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Lack of information reason enough to repeal so-called 'oil tax reform'

  • Author: Peter Blanas
  • Updated: June 29, 2016
  • Published July 26, 2014

We've been told endlessly that SB 21 will lead to "more Alaska production" but that it won't cost us very much in lost revenue. But what's the real truth? While the industry points to self-serving analyses, the governor himself, through his Department of Revenue, tells us to expect no additional oil, and that the state will receive enormously less oil revenue this year, as a result of SB 21.

That's right. Even as we see and hear endless advertising on how great SB 21 is, the governor is saying oil revenue will decline catastrophically this year and into the future. This information, while not prominent, is published in the Alaska Department of Revenue "Revenue Sources Book," found readily online (Fall 2013, pages 32-49). This semiannual publication is the official description of where the state expects funding for the year.

How can this be? How is it that we're told on the one hand that SB 21 is just great, while on the other hand the state is saying (very quietly but officially) that there will be no new oil, and that oil revenue this year will plummet like an anvil, as a result of SB 21?

The most likely answer is this: When the state Department of Revenue makes funding projections, they're subject to Securities and Exchange Commission rules. Federal law prohibits them from making false or misleading statements to bond investors, who have a need to know, about the financial outlook of issuing agencies. Bond investors make decisions based on this information. And the administration is thus compelled to be truthful, by federal criminal statute.

So we should expect no more oil, and certainly no more revenue, under SB 21, which is the basic premise for most of the supporting arguments. But the question remains: Does more oil in the pipeline benefit Alaska? Under the right circumstances, if Alaska receives a fair share of the upside (under ACES), absolutely it does. Under the wrong circumstances, where the leaseholders take our oil away while we watch, no. It makes no sense to hand over our very valuable and finite resource, for substantially less than its worth, at a faster rate.

The primary driver in North Slope activity now is the high price of oil. At these prices, the industry will go wherever the oil happens to be. And despite what they tell us, taxes don't weigh very heavily in those decisions, as evidenced by their continued presence in countries around the world with effective tax rates twice those of ACES. As of right now, the industry is in high gear worldwide in pursuit of oil. From our own North Slope to Norway. From Australia to Zaire. They aren't leaving Alaska anytime soon, so long as there's oil in the ground and immense profits to be made.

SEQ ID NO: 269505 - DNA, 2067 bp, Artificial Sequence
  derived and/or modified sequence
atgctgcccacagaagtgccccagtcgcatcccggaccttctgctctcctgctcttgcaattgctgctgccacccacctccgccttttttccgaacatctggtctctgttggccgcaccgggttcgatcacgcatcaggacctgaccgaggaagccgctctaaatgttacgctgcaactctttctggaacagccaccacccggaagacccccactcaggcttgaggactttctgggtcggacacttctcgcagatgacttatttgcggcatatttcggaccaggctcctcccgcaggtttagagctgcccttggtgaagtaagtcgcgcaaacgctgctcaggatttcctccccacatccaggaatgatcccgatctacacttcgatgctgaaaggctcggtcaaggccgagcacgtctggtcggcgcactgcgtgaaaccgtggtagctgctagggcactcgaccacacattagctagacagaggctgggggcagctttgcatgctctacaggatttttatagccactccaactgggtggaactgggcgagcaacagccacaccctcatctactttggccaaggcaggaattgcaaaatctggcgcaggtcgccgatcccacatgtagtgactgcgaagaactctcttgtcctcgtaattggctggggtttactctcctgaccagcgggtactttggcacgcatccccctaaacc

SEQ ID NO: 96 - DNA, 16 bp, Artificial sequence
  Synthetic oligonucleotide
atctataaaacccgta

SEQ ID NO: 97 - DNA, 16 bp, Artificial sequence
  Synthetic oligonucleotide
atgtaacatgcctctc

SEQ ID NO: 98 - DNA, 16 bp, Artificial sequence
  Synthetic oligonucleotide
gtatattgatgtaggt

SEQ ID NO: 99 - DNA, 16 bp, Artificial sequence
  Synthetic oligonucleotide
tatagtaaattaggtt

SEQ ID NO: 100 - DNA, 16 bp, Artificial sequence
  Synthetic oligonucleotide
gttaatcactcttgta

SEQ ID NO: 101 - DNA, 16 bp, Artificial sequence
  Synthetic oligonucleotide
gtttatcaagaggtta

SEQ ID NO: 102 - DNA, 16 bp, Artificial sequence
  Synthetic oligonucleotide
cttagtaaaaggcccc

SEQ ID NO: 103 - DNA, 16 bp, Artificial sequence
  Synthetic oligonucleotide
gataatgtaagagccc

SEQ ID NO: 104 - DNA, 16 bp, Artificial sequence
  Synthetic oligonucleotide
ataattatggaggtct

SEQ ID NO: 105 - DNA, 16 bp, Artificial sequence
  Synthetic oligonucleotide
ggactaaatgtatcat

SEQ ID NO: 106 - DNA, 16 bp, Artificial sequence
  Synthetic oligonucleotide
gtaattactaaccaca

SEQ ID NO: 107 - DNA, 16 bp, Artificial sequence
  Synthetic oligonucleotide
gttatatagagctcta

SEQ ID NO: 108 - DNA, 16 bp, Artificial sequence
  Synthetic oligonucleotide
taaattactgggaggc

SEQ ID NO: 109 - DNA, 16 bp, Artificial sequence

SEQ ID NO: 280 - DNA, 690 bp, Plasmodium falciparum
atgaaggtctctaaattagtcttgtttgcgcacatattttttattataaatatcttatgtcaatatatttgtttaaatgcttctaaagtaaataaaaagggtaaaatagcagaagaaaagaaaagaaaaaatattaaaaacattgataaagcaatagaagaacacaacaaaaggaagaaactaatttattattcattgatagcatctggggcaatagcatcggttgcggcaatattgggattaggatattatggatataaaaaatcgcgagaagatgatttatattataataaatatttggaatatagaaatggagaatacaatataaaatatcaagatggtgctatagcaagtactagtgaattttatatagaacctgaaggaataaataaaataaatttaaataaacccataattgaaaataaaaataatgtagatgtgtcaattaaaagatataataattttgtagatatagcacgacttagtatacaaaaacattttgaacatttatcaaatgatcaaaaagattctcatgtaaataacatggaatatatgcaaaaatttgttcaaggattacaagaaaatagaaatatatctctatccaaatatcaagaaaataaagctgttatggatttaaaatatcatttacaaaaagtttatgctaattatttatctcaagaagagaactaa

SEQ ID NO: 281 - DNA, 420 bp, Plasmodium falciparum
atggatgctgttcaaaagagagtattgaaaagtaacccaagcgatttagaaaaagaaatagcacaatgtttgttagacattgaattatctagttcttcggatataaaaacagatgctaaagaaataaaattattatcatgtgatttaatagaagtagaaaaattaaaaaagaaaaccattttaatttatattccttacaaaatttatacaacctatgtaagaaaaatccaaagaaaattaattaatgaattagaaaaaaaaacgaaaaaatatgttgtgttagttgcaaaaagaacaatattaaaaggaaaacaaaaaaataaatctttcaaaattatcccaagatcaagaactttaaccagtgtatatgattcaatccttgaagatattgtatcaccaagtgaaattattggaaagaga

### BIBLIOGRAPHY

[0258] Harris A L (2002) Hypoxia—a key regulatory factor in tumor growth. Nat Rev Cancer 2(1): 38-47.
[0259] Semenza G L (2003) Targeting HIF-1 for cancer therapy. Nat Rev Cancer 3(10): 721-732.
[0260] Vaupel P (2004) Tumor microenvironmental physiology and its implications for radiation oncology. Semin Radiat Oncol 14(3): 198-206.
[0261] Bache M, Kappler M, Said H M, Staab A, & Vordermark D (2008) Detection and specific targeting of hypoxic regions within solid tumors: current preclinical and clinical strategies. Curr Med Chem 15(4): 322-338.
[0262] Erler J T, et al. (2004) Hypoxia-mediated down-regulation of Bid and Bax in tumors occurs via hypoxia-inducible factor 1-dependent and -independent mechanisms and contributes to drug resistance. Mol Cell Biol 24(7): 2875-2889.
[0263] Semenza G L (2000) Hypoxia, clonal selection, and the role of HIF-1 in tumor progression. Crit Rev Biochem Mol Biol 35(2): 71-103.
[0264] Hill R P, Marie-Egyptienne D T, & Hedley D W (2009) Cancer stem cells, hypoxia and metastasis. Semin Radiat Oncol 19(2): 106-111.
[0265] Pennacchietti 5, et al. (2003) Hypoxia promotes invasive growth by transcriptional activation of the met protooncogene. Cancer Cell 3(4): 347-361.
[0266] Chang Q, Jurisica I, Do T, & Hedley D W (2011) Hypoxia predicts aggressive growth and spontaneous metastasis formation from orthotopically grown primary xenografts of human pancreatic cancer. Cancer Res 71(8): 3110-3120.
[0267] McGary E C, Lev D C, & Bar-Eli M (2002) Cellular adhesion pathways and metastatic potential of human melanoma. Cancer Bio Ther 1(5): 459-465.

Alaska has always been, and continues to be, an enormous profit center for the industry, even under ACES. Then why are they so desperate for "oil tax reform"? There are billions of very good reasons, as outlined above. Lobbying for a massive tax reduction is easier, and cheaper, than producing oil.

Also worth mentioning: The oil industry pays monthly tax returns to the state. "Oil tax reform" went into effect at the beginning of this year. The Department of Revenue has received monthly tax payments since then, and has the data to compare earnings year-to-date with previous years. The Parnell administration will not release this data to Alaskans. Why is this?

It cannot be overstated that ACES was written for us by the global consulting firm of Gaffney-Cline (division of Baker-Hughes). And that they built ACES to:

• Include Alaska in times of windfall profits (done);

• Create incentives for the leaseholders to explore, drill and produce into the future through generous investment credits, taking them out of "harvest mode" (done, ongoing);

• Maintain or increase daily output (ongoing. Long-term effect of the above points).

Legislators have asked to revisit with this firm, Gaffney-Cline, for their insight into how it has worked. This governor won't let Alaskans talk to them. He won't permit us to review and follow up with our own oil consultants. And no explanation is given for that refusal.

Alaskans are being asked to decide on an issue with enormous and far-reaching consequences. Vital and relevant information is being withheld from us. That's reason enough by itself to reject so-called "oil tax reform," and vote yes on Ballot Measure 1.

Peter Blanas is a lifelong Alaskan who, with his wife, Kim, lives and works in Anchorage. He's a longtime observer of Alaska politics and its relationship to oil and gas, and is a registered nonpartisan.

The views expressed here are the writer's own and are not necessarily endorsed by Alaska Dispatch News, which welcomes a broad range of viewpoints. To submit a piece for consideration, email commentary(at)

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